The New York Knicks want Carmelo Anthony, but not for the price the Denver Nuggets are asking.
Tuesday there was a reported deal between the Knicks and Nuggets that the New York front office turned down.
We have heard all of the scenarios regarding Carmelo Anthony's departure from Denver, but now there is growing sentiment that the Nuggets may actually keep their franchise star with or without the contract extension instead of making a mediocre deal.
The Nuggets reportedly wanted Danilo Gallinari, Raymond Felton, another starter (Fields, Chandler or Mozgov) Eddy Curry's contract (which is unfortunately accompanied with is body) and at least one first-round pick for Carmelo Anthony and Chauncey Billups.
The Knicks' Donnie Walsh and Mike D'Antoni said turned that down citing too much in return for the All-Star forward.
Here are five reasons the Knicks made the right move.
It is no secret that the Carmelo Anthony wants to play for the Knicks and he can simply wait until for the summer, as a free agent, to come to New York all by himself.
The "steep" trade demands of the Nuggets could have been a bargaining ploy to open the Knicks up to trading Gallinari and/or Wilson and Fields, because we obviously know the Nuggets want a lot and they wanted to see how desperate the slumping Knicks are.
Denver's over-the-top offer now sets a bar where the Knicks won't go and what the Nuggets want.
The offer can only come down closer to what the Knicks want at this stage. Even though there are reports that the Nuggets may actually consider keeping Melo even without an extension, the threat of truly losing him for nothing should work in the Knicks' favor.
The two sides are supposed to meet face-to-face over All-Star Weekend and this is a good thing for the New York office.
It has been a long, long wait for Knick fans to see a relevant basketball team on the court in New York again. If the man pictured here was still in power, there is a good chance Carmelo would be donning a Knick jersey tomorrow.
Donnie Walsh has dome some remarkable things to get the Knicks actual flexibility to sign players like Raymond Felton and Amar'e Stoudemire and to even be in the conversation for Carmelo Anthony.
The man pictured here destroyed the franchise, and this was a solid stance taken by Knicks brass to show that it is not like those dark days anymore.
New York has been patient and while many of us are desperate to see a playoff caliber/contending team back in the Garden, we will not allow the ghost of the man pictured here come back into our lives and cause a single nightmare beyond the 1,579 he already has.
Walsh and D'Antoni were right to say no at this stage.
This was one of the more intriguing additions to the trade as of late.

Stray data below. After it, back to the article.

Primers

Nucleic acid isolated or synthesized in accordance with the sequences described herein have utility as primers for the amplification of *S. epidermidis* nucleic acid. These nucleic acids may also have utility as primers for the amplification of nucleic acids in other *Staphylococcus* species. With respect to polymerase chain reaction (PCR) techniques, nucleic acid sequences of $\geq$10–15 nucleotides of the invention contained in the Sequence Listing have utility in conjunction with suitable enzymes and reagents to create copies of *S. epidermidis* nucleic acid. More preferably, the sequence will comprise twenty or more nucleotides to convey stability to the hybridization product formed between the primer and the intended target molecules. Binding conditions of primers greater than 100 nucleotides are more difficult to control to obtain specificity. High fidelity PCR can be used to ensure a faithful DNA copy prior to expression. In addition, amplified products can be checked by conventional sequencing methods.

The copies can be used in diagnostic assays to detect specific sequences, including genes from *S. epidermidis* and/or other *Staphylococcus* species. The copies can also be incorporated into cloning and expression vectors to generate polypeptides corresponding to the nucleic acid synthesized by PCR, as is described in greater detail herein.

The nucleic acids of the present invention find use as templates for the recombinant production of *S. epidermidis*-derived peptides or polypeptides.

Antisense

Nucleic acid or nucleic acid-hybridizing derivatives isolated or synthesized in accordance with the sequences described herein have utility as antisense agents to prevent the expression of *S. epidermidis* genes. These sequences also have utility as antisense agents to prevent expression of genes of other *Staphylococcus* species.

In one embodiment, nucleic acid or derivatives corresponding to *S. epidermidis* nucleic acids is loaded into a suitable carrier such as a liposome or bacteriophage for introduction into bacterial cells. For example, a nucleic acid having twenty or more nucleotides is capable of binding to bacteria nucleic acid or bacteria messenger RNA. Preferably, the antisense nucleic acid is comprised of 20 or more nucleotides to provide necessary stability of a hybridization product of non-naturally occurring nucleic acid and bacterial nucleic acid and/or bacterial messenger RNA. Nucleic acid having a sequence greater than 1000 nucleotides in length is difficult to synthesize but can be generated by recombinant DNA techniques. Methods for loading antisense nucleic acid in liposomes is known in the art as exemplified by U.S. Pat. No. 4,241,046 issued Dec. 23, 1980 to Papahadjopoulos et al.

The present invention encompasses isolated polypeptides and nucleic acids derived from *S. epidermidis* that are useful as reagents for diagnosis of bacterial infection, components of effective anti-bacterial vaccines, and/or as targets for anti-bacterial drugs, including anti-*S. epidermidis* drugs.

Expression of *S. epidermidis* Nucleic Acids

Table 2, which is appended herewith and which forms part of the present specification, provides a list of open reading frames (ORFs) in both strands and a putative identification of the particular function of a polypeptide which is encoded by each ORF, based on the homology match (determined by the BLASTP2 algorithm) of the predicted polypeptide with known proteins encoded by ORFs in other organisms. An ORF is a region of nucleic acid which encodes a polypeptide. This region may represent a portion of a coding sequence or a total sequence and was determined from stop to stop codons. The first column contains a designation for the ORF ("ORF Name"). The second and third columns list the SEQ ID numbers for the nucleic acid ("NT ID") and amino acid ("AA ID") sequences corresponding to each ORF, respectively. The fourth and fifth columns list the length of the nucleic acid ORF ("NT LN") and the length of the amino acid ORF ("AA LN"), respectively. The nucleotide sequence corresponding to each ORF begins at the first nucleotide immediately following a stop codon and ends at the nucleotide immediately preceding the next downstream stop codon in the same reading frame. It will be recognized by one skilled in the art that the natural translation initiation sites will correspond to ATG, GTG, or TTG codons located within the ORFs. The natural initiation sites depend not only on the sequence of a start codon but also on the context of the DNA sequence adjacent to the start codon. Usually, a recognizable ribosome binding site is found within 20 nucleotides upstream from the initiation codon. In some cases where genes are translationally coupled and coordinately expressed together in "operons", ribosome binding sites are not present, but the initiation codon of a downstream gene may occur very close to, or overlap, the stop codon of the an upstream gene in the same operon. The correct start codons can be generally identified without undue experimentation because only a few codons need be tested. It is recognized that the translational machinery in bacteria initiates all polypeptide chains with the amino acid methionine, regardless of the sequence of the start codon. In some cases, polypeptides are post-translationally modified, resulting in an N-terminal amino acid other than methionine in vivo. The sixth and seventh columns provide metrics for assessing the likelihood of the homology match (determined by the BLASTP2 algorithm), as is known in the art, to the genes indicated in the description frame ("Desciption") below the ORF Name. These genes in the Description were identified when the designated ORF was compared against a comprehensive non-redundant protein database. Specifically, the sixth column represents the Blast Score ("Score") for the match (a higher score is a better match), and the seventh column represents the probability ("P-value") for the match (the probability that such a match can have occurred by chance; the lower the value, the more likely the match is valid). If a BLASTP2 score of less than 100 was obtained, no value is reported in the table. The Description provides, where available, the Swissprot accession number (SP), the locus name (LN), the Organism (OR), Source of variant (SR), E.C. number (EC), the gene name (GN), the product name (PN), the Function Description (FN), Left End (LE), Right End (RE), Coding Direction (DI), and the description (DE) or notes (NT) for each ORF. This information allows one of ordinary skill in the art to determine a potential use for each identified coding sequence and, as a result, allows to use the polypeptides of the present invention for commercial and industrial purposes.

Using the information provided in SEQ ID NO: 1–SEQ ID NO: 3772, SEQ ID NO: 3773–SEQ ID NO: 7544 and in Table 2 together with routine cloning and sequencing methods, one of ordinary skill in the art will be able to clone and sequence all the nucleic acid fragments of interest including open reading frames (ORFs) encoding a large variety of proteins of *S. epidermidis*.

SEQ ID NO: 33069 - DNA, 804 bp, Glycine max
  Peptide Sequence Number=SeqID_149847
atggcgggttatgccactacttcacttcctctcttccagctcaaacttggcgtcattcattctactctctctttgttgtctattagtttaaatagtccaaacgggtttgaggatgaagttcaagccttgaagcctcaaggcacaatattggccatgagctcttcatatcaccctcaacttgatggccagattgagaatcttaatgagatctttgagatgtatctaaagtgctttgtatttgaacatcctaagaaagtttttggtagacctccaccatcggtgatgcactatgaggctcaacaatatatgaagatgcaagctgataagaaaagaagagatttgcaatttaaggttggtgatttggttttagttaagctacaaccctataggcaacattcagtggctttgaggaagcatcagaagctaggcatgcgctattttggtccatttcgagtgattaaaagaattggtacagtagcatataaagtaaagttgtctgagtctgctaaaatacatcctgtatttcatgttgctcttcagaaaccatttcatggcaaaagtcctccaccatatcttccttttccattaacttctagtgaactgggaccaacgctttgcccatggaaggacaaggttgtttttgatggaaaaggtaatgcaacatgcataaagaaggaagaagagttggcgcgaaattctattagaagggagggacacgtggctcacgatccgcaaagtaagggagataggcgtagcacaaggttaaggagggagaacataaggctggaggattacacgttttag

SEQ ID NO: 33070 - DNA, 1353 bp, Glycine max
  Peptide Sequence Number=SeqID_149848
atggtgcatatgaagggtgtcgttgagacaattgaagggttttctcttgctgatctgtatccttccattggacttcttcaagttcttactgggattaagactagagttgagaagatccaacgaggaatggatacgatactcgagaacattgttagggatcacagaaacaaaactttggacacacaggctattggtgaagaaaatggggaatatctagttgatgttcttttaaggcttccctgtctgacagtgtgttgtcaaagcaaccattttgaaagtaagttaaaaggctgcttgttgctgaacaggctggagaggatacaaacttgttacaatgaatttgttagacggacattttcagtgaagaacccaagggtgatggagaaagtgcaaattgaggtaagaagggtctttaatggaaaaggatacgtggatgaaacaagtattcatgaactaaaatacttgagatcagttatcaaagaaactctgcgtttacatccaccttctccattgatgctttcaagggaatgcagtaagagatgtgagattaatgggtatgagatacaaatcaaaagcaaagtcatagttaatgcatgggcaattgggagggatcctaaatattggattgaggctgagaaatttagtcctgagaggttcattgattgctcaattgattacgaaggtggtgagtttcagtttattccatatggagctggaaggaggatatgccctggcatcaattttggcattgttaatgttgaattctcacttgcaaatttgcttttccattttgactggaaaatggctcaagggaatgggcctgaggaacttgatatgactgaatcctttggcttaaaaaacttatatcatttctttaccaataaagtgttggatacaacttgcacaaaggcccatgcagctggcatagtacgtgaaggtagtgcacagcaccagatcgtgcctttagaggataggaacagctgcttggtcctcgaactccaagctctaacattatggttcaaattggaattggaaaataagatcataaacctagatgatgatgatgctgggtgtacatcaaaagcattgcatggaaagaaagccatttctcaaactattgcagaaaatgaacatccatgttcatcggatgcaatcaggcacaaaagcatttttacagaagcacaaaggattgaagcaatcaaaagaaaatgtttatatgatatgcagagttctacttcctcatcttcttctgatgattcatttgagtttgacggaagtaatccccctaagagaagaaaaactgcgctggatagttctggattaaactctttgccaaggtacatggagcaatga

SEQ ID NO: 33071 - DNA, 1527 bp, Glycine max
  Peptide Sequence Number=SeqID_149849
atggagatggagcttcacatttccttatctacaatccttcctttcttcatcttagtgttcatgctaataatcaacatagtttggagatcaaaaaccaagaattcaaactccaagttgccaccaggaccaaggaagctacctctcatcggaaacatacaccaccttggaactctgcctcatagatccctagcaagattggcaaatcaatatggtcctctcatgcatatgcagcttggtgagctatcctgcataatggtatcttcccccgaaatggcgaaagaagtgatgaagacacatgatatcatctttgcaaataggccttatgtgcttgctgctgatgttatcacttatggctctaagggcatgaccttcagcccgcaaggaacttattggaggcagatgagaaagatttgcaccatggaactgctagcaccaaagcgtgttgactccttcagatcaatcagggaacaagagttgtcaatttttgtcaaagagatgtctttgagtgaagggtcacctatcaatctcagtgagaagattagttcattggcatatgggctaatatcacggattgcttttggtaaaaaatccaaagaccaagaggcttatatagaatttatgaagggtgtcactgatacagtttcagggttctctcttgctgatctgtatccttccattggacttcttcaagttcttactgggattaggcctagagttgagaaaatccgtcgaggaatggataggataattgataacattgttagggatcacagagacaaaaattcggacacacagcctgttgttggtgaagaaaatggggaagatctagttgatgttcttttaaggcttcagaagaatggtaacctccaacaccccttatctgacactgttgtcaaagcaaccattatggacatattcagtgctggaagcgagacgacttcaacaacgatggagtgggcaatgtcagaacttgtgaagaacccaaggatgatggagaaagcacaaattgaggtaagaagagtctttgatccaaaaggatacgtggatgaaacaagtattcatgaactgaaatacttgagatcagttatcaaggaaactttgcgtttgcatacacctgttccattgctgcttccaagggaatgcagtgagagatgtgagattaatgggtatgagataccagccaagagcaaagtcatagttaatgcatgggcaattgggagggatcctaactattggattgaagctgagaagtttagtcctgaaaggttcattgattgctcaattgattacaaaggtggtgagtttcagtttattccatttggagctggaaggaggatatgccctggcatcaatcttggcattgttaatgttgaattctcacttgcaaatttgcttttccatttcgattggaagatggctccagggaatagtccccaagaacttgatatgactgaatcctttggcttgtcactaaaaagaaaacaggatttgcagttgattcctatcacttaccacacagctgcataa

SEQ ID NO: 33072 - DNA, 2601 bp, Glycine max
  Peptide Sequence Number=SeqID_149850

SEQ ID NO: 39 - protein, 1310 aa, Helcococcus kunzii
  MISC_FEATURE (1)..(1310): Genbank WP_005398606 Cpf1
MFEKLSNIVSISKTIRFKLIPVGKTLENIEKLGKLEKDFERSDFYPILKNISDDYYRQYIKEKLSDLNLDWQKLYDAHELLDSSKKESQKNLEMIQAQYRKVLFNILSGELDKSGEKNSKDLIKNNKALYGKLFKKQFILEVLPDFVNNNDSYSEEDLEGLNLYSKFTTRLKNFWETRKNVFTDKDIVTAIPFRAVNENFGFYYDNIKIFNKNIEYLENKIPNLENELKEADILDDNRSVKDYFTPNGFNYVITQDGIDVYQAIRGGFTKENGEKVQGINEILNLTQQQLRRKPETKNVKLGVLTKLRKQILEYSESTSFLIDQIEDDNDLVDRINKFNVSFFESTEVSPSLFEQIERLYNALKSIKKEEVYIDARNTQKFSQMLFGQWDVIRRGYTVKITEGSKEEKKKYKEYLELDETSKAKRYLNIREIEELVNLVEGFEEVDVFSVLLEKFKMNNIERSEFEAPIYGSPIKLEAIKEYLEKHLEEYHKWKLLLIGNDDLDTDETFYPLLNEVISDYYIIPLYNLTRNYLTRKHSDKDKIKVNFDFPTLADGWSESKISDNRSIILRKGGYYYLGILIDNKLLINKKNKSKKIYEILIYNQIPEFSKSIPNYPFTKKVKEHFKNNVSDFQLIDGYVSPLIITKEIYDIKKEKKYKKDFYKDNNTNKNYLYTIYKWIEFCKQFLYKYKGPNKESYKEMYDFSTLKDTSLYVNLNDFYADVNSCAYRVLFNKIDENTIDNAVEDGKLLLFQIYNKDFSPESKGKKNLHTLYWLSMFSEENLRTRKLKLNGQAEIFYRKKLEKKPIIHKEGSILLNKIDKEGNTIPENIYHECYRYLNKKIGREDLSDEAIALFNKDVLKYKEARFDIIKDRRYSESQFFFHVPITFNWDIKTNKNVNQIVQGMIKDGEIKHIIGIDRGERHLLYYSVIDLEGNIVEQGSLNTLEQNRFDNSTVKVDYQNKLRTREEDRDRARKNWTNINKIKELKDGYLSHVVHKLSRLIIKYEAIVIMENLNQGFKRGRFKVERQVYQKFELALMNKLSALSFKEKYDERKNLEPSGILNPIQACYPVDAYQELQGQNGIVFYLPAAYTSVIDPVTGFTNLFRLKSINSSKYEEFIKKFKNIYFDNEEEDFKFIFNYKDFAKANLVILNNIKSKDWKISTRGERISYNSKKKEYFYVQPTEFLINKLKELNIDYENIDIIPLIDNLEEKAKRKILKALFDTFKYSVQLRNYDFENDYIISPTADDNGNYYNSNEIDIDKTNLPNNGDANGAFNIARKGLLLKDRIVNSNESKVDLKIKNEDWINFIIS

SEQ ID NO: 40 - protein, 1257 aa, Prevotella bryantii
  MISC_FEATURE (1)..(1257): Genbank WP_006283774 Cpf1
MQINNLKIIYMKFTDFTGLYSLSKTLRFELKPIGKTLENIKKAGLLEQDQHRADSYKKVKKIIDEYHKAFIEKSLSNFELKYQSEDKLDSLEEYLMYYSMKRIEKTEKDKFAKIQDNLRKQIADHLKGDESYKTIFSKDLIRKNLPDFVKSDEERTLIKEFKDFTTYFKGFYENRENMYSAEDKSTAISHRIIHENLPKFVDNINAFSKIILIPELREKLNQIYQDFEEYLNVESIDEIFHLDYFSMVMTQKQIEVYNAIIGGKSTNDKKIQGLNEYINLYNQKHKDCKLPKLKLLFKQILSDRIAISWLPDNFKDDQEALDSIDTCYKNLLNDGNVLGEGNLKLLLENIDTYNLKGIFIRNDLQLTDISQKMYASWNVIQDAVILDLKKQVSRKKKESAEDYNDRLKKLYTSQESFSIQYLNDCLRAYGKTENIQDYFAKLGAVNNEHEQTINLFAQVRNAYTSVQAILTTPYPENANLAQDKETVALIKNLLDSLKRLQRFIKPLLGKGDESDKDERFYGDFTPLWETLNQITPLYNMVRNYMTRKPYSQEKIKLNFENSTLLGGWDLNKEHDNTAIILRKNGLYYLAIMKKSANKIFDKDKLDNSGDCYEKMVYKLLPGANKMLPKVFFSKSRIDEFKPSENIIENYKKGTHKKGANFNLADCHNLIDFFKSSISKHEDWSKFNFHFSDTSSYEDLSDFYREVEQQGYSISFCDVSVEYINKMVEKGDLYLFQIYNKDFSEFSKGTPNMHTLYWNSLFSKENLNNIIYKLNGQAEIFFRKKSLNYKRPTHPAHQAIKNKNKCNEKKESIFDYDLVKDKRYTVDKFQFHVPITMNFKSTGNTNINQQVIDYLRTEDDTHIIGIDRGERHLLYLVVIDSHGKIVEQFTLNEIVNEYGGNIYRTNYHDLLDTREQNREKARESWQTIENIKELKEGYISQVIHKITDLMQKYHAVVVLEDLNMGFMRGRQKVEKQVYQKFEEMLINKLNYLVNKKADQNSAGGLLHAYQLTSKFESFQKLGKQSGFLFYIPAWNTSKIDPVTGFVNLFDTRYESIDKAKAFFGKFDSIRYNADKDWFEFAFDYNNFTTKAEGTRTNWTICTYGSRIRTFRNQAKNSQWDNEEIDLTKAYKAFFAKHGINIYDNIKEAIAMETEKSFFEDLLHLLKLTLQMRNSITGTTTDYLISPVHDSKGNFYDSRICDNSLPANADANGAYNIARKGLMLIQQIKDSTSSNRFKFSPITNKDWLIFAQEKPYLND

Chauncey Billups is a great veteran point guard. He has a year left on his contract, averages 16 points and five assists per game and has played in 139 career postseason contests.
Felton started the year like an All-Star but has since hit "the wall." He averages 17 points and nine assists per game and has played in four career postseason contests.
While Billups still has a few valuable years left on his legs, Felton is only 26 and still progressing in the grand scheme of things.
Billups shoots the three-ball more consistently and would bring a wealth of playoff experience to the table. But do we really consider the Knicks a contender in the East right away with Amar'e, Melo and Billups?
Certainly they will be good; they may win a playoff series, but they would still be hard-pressed to beat the Miami Heat or Orlando Magic, let alone even challenge the Boston Celtics this season.
Then we move forward into a new year with a new CBA. Things could change all over again and we still do not know what to expect from Chris Paul or Deron Williams down the line.
At least with Felton the Knicks have the potential long term answer if they choose to re-sign him.
If the Knicks send Gallinari, Felton, Fields/Wilson/Mozgov and Curry's body away as well as Anthony Randolph for a first-round draft pick, the Knicks will have little to nothing left behind their starters.
The object of bringing in Carmelo is to elevate the Knicks roster to the next level, not completely blow it up and make it a three-man show.
New York started slow, then excelled and has now evened out around a .500 team and unfortunately that is exactly what they are at the moment.
The have good spurts and they have bad spurts. When they shoot well they will win, and when they don't they will lose; their lack of defense will simply never win them a basketball game.
The roster has pieces that are much more valuable to the Knicks' system, such as Shawne Williams and Billy Walker, but they cannot be counted on to fill quality minutes at the expense of so many players.
This truly the first "reported" offer that hit the wires from Denver's end.
The Nuggets knew the Knicks were not going to take this offer, but it was important for them to "try" to assert some level of dominance in the situation.
New York would only have accepted this if the man in slide two (see "We Are Not the Same Old Knicks," if you do not remember) was still running the show.
Denver is likely to come down from this lofty perch because they know Melo will likely walk away in the offseason, whether to New York or somewhere else.
The game of "chicken" is truly at hand in this regard. While the Nuggets do reserve the right to trade Carmelo anywhere (even as a rental player to a team like Dallas), they stand to gain very little from dealing with anyone other than the Knicks or Nets (they will be back at some point) this year.
New York and Denver could play the ultimate game of chicken and wait until free agency, but both know it may be better served to get the deal done at or before the deadline.
Offers will become realistic when the two meet face to face during All-Star weekend.